2018 Goals for Double Debt Single Woman

HAPPY NEW YEAR PEEPS!

Here are my goals for 2018. See my past January goals posts here:

2013 Goals  | 2014 Goals  |  2015 Goals  |  2016 Goals |  2017 Goals

DOUBLE DEBT SINGLE WOMAN GOALS FOR 2018

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ONE. 
 Pay down my student loan debt from $60,300 to $39,900 or less.

I want to end 2018 in the 30’s!  This should be achievable in theory, given that my minimum payments (including interest) should get me to the lower 40’s by December.  However, my extra payments this year will be substantially smaller than they were last year, so this meeting goal will take effort.  Read More

2015 Financial Goals for Double Debt Single Woman + FS-DAIR

Happy New Year!

2015 techno

It is that time of year again. I unveil my 2015 financial goals. Before I do, I’ll look back at my recent yearly goals.

2014 Goals:

  • Pay off  remaining $22,770 balance in credit card debt
  • Open and contribute to 401k up to point of employer match when eligible

2014 Outcome: [partial success]

  • Paid off $16,780 in credit card debt  [remaining balance: -$5,990]
  • Paid $8,720 in student loan interest [0.o -Yeah, this is insane.]
  • Opened and contributed to retirement funds [+$6,578 (including employer match)]

In the footer and sidebar, I have added a tracker for my retirement and other savings to help me have a fuller picture of my finances.

financial picture

2015 Goals:

  • Pay off remaining credit card debt of $5,990
  • Reach $20,000 in retirement savings
  • Reduce student loan debt to $108,000
  • Save $6,000 in savings  (Yes, my lack of an emergency fund is scary.)
  • Pay cash for an international trip – $??

My student loan goal doesn’t look like much of a drop, but you have to remember that the first $750 that I pay each month is just going to interest, not principal. So it will take nearly $15k in payments to get from $113k to $108k.

Undoubtedly, I have some more thinking to do to figure out how to prioritize all of these goals. Save for retirement or pay down debt?

Will a noble samurai rescue me from my quandry? Enter FS-DAIR

Financial Samurai has posted a formula for determining how to prioritize debt repayment vs. retirement funding. His FS-DAIR (Financial Samurai Debt and Investment Ratio), looks like the tool I’ve been hoping to find for a while now. How does it work? This chart lays it all out in a clear format.

FS-DAIR
Source and Image Credit: FinancialSamurai.com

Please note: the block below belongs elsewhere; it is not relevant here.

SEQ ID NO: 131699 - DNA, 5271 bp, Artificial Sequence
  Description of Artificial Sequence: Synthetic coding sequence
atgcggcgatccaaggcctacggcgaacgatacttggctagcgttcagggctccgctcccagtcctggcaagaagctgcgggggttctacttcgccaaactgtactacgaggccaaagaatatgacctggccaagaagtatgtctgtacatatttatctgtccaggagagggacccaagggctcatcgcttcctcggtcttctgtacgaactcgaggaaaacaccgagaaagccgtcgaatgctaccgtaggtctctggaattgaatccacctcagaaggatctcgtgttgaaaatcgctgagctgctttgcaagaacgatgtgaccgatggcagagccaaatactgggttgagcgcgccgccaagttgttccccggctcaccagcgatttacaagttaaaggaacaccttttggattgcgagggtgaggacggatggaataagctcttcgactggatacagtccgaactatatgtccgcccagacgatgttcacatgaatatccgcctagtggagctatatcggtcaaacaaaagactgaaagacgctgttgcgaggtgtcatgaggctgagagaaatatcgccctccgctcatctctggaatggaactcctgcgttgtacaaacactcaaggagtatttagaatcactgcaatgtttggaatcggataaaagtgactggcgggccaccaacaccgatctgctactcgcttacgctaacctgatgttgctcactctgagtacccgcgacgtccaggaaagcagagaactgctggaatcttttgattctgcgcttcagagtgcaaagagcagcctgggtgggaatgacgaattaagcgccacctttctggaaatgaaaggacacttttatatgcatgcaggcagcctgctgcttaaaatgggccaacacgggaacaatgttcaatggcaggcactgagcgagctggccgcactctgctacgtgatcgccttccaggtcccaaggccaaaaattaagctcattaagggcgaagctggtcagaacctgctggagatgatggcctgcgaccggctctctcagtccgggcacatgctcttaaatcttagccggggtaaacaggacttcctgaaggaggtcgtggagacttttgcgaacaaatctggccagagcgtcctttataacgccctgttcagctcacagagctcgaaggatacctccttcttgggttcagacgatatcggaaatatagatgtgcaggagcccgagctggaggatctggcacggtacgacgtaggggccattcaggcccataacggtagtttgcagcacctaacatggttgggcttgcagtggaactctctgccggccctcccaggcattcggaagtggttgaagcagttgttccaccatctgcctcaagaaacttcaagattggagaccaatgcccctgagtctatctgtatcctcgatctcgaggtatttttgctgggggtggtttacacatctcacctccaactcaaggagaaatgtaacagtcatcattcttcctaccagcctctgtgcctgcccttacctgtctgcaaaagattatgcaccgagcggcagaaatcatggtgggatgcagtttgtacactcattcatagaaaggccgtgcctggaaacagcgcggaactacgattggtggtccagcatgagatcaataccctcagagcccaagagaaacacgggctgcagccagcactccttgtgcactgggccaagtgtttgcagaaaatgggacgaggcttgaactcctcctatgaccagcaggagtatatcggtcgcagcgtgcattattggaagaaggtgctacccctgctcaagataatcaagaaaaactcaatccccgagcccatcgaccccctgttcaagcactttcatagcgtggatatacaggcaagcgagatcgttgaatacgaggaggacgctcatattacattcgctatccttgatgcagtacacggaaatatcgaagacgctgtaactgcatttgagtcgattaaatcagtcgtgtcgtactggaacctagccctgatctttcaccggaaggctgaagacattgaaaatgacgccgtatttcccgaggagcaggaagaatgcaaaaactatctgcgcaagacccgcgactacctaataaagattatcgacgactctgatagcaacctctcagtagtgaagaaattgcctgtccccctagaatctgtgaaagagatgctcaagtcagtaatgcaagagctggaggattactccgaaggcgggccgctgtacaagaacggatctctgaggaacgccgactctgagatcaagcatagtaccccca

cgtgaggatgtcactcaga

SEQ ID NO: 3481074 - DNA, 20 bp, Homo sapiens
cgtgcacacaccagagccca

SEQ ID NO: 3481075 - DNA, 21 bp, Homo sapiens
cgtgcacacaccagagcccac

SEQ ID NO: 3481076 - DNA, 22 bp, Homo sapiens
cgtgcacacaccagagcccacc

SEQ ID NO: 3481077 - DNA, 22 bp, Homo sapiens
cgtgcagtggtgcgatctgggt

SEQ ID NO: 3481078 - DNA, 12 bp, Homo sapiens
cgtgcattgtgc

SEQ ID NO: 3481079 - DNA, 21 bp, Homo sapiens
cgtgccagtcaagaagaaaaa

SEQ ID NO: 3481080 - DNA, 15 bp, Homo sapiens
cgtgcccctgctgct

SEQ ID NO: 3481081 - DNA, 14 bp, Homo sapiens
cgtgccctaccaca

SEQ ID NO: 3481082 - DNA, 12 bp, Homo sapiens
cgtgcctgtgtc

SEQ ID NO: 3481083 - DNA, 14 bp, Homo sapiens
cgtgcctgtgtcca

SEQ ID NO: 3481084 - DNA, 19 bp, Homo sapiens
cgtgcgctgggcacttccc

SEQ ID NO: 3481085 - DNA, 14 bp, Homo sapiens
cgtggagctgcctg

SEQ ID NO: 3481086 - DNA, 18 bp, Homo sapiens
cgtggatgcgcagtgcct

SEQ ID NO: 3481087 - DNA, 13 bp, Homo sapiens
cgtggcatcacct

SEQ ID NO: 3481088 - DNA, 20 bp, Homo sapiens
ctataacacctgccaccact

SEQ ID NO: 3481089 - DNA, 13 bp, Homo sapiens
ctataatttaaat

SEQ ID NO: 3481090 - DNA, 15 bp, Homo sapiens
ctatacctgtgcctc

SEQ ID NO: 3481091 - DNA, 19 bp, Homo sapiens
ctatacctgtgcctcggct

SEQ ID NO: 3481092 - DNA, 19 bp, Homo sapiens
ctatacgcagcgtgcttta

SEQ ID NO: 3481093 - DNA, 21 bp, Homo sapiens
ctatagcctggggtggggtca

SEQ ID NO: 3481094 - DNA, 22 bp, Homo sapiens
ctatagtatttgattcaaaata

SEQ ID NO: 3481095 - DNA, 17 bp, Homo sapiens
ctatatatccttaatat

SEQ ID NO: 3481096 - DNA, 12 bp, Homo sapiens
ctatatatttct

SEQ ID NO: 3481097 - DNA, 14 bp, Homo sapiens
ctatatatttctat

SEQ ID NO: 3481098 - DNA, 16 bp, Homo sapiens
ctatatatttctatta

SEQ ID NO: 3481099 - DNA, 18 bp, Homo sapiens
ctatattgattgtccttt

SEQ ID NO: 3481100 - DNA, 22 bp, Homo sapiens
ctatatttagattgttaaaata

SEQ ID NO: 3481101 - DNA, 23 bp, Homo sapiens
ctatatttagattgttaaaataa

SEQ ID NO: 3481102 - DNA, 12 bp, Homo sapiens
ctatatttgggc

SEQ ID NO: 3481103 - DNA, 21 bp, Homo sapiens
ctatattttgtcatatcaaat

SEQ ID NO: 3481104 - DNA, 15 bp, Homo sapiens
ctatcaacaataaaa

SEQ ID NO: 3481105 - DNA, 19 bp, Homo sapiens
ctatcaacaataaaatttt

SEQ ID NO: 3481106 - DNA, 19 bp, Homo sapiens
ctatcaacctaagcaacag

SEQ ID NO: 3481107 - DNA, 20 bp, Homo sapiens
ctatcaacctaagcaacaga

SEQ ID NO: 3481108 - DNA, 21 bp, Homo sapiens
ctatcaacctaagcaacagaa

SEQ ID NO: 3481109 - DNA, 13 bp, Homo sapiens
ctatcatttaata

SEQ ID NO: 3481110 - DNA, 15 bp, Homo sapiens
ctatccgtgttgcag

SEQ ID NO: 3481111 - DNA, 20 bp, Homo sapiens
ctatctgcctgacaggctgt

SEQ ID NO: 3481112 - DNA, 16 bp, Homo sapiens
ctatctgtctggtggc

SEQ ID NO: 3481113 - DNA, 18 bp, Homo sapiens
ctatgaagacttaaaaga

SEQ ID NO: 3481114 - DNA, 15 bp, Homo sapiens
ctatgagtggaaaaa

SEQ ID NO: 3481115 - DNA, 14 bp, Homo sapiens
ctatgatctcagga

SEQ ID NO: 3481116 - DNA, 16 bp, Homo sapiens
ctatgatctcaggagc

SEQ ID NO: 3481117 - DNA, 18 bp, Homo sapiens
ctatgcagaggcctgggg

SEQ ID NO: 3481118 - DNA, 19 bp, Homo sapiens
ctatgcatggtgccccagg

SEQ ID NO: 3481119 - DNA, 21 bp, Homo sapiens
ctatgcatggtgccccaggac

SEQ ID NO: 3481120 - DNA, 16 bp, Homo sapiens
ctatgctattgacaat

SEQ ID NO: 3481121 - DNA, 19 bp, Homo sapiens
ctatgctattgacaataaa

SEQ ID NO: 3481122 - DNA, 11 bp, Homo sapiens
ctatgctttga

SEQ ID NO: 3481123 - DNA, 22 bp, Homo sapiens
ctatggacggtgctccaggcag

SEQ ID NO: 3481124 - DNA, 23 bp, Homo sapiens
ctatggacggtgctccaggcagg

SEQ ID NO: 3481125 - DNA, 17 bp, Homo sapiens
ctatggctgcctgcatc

Basically, any debt that you have carrying 10% or higher in interest, should be paid off post-haste, at the expense of any investing (beyond the 401k employer match). Once your debts have interest rates at 9% and below, things get interesting.  Read Sam’s FS-DAIR post for examples of how this works. For instance, Sam uses the following as an example for someone deciding how much to put toward student loans vs 401k.

fs-dair example
Source: FinancialSamurai.com

My student loan debt is made up of many separate loans with different fixed interest rates. I will need to run the numbers to see how this would shape my plan of attack. I’ll do a follow-up post on this in the not too distant future. Thanks, Sam for lending me a sword to use in my battle!

Net Worth – Double Debt Single Woman – January 2015

As my debt drops in 2015, I’ll be tracking my Net Worth.  My first goal will be to see it drop down into the 5-digit zone. Soon you will also be able to track it here @Rockstar Finance. I will be pretty low on the ranked list, but I will be gunning for higher and higher slots. Watch out Finance Phoenix and Feisty Finance!

Networth Jan 5 2015

“Debtor’s prison is real, and opportunity cost is a bitch.” (DDSW)

2014 – A New Year with an Old Goal

happy-new-years-2014

It is hard to believe that it is already 2014.

I started this blog a little over 1 year ago to chronicle my climb out of debt. My goal for 2013 started off nobly enough.  I was fed up with debt. I was going to pay off $30,000 of credit card debt as Phase 1 of a larger debt reduction plan.  Did I accomplish this goal? No. Not even close.

Total paid down:  $7,000+.  That’s it??!!

I still have $22,599.00 of credit card debt remaining. How is this possible?  

2013 Recap: